Thursday, June 14, 2007

The Triumph of a Dictatorship: Reflections on the cultural subversion of the gospel

It is said that the triumph of a dictatorship is not when it has to censor its subjects, but when its subjects are willing to censor themselves. This happens to the church when it accepts the ideology of a dictatorship above its confession of Jesus as Lord. But the form of the dictatorship need not be represented by a nation state. It can also be found in the way that the thought forms of the age exert control over their subjects. When this happens the gospel becomes a lost message. It no longer sounds distinctive but resonates with the sound of the culture. This does not necessarily mean that people are kept from hearing about Jesus, the good news, the Bible, or the cross. The words themselves may remain, but their content is altered by, and adapted to, the dominant cultural world-view. And the frightening thing is that this can be done willingly and with the best of motives. In seeking to communicate the gospel to the culture it is possible for the church to be assimilated by the mindset of that culture.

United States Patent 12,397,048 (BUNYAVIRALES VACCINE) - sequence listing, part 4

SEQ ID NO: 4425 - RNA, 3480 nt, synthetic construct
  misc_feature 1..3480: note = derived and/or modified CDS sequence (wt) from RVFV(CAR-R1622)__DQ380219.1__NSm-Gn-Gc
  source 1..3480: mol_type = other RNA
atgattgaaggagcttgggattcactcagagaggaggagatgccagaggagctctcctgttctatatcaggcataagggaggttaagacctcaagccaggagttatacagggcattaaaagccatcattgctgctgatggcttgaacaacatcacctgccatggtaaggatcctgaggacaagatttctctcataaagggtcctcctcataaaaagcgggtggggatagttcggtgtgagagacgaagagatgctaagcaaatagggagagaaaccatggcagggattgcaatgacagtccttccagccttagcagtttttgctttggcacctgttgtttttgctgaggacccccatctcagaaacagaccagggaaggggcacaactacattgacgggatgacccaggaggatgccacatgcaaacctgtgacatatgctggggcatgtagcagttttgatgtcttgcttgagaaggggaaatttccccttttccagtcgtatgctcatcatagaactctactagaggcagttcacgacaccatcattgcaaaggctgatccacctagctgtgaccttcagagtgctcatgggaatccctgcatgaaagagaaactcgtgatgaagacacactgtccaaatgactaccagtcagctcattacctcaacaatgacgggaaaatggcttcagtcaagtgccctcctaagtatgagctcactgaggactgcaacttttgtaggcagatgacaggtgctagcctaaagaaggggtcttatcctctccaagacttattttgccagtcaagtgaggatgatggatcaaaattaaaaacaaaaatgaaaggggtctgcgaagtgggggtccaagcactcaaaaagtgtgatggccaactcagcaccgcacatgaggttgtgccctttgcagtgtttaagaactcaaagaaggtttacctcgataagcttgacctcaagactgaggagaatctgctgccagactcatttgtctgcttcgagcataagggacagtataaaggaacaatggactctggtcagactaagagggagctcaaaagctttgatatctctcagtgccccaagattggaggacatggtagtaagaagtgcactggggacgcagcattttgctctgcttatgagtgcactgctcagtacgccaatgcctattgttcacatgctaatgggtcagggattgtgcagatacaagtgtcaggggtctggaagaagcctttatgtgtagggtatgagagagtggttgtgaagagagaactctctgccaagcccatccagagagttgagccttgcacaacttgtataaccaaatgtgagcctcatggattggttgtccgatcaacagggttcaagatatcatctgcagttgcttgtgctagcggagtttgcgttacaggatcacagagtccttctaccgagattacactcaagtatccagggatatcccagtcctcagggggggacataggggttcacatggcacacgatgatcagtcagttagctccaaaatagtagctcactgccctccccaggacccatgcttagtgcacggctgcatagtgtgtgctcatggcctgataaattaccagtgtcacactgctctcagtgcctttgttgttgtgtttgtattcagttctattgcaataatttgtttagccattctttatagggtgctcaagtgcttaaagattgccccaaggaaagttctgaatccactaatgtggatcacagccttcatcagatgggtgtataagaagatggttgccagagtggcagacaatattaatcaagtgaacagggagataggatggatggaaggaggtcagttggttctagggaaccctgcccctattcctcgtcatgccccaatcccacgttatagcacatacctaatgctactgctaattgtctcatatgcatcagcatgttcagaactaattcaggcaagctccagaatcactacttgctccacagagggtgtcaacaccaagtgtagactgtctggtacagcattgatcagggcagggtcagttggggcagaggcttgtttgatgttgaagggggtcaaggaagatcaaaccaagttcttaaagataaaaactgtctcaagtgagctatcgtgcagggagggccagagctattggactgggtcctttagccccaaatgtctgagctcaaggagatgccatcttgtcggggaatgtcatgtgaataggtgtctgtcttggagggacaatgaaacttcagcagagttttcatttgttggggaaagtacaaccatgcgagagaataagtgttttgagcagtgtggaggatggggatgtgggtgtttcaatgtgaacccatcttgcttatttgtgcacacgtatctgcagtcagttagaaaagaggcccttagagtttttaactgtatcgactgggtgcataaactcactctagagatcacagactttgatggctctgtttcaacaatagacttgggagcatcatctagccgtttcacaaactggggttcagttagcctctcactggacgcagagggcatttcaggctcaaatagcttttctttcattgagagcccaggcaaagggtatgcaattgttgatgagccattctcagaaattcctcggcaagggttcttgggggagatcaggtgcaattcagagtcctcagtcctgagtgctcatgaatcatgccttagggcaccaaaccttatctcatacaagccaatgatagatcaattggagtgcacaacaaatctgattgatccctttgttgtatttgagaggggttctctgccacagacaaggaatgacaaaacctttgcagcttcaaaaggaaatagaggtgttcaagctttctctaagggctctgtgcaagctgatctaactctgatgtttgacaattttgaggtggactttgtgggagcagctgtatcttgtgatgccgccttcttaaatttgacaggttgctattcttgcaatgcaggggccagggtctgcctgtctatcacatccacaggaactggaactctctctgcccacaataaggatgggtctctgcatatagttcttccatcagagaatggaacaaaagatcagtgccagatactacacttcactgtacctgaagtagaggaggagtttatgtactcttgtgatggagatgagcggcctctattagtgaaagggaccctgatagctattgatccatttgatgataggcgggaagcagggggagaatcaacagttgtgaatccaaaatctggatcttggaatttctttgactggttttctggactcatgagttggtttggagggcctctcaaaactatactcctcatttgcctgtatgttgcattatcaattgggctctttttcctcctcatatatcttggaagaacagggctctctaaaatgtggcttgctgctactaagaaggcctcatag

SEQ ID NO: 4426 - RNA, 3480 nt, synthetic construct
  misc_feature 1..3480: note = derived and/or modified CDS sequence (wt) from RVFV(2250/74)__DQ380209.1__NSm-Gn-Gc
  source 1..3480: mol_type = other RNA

The first priority of the church is not mission but confession. Any emphasis on being missional that is not already clear on what it means to be confessional will misrepresent the person and work of Christ and hinder the work of the church. And without a true confession there is no authentic mission. The liberal theologians and preachers of the 19th and early 20th centuries did not intend to destroy the church. Many of them felt compelled to adopt new theological positions because of the impact of new scientific knowledge. And many of them were seeking to reach their generation with the gospel, or what they considered to be the gospel.

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